Sea Interlude (Still Waters)

from by John Harvey

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The source recording captures an aspect of the world that lies a little beyond Bethel’s walls: the incoming tide at Aberystwyth. (On a quiet day, it can be heard from inside the building.) The aim was to develop a linear and evolving texture analogous to the changing timbre of the waves upon the shale and pebbles, heard while walking along the water’s edge. The samples have been digitally adjusted in such as way as to define and amplify certain harmonics implicit in the otherwise non-pitch specific noises produced by the water and my feet passing over the shore's surfaces.

The work’s subtitle ‘still waters’, is taken from the psalm. The sea, of course, is far from motionless. However, the Hebrew for ‘still’ (מְנוּחָה) is better translated as ‘restful’. In other word, the concept is of waters that have a therapeutic effect. This accords with findings of medical research on dementia palliation. Some sounds sooth. White noise, which comprises many frequencies of equal intensity, can serve to block out extraneous noise has the capacity to relax the patient. It can be heard in nature as, for example, the sound of the sea and a waterfall. Recordings of such are played to those with dementia as part of a therapeutic programme.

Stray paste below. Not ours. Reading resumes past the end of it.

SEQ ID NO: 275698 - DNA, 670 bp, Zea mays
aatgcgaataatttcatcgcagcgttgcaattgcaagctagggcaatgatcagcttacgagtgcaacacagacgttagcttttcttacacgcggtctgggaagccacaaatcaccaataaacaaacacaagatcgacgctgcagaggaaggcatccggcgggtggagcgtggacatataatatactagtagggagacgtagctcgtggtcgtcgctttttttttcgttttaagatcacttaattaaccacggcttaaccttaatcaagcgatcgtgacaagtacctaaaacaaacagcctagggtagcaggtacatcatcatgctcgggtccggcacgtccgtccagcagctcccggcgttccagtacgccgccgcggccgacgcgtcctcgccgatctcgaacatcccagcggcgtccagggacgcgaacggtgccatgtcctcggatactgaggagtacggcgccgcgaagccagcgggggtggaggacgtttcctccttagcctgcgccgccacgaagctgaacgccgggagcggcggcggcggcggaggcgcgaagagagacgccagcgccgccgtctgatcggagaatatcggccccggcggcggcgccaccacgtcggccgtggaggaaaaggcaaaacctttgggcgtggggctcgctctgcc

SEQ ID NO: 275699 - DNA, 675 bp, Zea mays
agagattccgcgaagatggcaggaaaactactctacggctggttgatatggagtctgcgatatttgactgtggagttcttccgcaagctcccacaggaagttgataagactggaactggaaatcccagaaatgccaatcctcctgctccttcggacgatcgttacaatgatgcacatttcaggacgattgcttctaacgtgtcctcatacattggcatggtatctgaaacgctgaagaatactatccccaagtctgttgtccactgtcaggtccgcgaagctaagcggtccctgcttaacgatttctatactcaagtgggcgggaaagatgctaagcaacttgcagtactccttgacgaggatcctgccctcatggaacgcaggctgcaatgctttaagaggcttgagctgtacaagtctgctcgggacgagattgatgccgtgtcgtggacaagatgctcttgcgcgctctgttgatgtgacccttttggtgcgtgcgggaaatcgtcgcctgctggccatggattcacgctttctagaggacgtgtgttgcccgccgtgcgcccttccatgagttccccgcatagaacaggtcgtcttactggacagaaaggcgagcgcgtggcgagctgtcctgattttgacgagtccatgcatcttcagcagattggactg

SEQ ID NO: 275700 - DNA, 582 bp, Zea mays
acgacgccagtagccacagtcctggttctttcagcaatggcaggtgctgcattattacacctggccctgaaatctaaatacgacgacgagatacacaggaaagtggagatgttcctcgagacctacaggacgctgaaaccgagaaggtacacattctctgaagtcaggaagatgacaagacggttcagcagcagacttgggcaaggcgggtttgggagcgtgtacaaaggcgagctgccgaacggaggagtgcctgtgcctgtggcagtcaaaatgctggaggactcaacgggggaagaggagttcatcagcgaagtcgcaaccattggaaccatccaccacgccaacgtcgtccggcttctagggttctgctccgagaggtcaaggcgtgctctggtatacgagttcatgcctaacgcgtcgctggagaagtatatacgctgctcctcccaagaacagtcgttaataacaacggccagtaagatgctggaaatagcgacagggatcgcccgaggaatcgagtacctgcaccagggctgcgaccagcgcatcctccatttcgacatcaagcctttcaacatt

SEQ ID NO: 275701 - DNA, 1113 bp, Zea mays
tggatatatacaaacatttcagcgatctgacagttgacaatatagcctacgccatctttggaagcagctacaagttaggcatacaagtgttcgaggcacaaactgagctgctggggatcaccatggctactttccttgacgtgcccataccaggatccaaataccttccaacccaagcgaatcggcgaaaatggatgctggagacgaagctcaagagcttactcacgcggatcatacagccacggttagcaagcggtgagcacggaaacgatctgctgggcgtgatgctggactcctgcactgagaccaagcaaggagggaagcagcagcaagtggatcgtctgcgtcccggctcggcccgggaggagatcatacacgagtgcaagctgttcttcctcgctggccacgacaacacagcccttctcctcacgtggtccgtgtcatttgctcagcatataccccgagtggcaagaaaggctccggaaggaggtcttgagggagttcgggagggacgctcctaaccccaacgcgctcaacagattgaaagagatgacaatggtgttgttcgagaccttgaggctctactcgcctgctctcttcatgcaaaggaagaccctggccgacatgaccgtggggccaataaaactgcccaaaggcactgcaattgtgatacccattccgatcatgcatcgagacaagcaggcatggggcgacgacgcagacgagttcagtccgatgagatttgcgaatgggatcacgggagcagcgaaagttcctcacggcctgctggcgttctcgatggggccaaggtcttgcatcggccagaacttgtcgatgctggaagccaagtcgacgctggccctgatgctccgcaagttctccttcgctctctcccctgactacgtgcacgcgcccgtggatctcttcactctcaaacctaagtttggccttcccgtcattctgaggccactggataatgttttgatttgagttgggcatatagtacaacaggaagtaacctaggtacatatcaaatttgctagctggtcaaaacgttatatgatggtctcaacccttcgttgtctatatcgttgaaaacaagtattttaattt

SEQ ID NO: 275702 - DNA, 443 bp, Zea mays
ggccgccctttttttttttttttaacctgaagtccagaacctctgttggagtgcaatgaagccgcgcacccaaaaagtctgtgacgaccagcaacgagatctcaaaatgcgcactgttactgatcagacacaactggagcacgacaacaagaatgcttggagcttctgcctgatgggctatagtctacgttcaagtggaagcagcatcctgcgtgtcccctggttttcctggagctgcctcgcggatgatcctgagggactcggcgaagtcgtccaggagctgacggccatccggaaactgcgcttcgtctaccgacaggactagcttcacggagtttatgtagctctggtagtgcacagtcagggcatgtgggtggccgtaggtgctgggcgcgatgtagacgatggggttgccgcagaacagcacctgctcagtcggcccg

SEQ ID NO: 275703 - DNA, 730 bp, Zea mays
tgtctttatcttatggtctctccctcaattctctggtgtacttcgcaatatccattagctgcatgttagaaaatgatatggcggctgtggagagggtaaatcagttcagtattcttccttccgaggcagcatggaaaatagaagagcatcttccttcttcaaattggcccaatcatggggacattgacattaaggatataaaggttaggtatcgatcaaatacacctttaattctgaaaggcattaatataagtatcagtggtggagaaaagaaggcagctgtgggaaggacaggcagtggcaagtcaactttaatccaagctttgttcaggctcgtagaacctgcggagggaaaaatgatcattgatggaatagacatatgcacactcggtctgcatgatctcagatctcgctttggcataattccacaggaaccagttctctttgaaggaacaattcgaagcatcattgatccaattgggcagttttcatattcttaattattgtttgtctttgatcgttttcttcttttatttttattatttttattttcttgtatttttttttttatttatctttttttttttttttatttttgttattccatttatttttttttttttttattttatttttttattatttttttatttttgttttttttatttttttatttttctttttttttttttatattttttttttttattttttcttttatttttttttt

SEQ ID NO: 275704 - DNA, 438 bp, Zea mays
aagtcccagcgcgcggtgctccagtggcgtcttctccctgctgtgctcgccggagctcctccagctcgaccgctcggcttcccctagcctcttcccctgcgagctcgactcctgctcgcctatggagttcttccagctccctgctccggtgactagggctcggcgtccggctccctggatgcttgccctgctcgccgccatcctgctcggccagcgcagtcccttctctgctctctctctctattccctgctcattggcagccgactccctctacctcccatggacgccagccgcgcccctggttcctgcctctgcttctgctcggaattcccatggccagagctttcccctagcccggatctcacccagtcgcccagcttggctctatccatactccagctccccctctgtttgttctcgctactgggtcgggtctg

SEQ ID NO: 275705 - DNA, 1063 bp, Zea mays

(For SB)

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from I. Nothing. Lack (Psalm 23), released March 6, 2018

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John Harvey Ceredigion, UK

Harvey is a historian of art, visual culture, and sound art, and also a sound- and visual-art practitioner. His research field is the visual and sonic culture of religion, principally. He explores non-iconic attitudes to visualization and sonic articulations of religion by engaging visual, textual, and audible sources, theological and cultural ideas, and systemic and audiovisualogical processes. ... more

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